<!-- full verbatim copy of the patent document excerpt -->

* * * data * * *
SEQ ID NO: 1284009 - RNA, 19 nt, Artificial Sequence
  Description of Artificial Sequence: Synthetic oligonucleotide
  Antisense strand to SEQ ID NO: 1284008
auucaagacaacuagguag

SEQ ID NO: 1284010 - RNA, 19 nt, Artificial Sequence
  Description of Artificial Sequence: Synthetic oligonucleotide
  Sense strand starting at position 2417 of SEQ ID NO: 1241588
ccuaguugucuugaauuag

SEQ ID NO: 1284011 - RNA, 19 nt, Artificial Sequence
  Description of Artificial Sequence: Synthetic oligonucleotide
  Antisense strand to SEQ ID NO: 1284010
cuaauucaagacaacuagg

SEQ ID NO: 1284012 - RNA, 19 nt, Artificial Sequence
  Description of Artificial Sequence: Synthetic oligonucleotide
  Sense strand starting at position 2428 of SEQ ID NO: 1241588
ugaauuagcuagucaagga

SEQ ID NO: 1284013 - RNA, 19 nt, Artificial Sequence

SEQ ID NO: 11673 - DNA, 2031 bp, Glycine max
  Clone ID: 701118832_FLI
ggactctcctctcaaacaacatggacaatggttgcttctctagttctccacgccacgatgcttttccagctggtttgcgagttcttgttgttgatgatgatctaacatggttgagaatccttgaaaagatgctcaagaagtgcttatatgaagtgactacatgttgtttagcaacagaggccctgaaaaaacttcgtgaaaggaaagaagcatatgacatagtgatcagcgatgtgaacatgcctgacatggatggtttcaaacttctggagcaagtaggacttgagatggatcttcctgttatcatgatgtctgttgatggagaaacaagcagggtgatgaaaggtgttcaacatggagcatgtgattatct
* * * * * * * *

SEQ ID NO: 1284009 - RNA, 19 nt, Artificial Sequence
  Description of Artificial Sequence: Synthetic oligonucleotide
  Antisense strand to SEQ ID NO: 1284008
auucaagacaacuagguag

SEQ ID NO: 1284010 - RNA, 19 nt, Artificial Sequence
  Description of Artificial Sequence: Synthetic oligonucleotide
  Sense strand starting at position 2417 of SEQ ID NO: 1241588
ccuaguugucuugaauuag

SEQ ID NO: 1284011 - RNA, 19 nt, Artificial Sequence
  Description of Artificial Sequence: Synthetic oligonucleotide
  Antisense strand to SEQ ID NO: 1284010
cuaauucaagacaacuagg

SEQ ID NO: 1284012 - RNA, 19 nt, Artificial Sequence
  Description of Artificial Sequence: Synthetic oligonucleotide
  Sense strand starting at position 2428 of SEQ ID NO: 1241588
ugaauuagcuagucaagga

SEQ ID NO: 1284013 - RNA, 19 nt, Artificial Sequence

SEQ ID NO: 11673 - DNA, 2031 bp, Glycine max
  Clone ID: 701118832_FLI
ggactctcctctcaaacaacatggacaatggttgcttctctagttctccacgccacgatgcttttccagctggtttgcgagttcttgttgttgatgatgatctaacatggttgagaatccttgaaaagatgctcaagaagtgcttatatgaagtgactacatgttgtttagcaacagaggccctgaaaaaacttcgtgaaaggaaagaagcatatgacatagtgatcagcgatgtgaacatgcctgacatggatggtttcaaacttctggagcaagtaggacttgagatggatcttcctgttatcatgatgtctgttgatggagaaacaagcagggtgatgaaaggtgttcaacatggagcatgtgattatct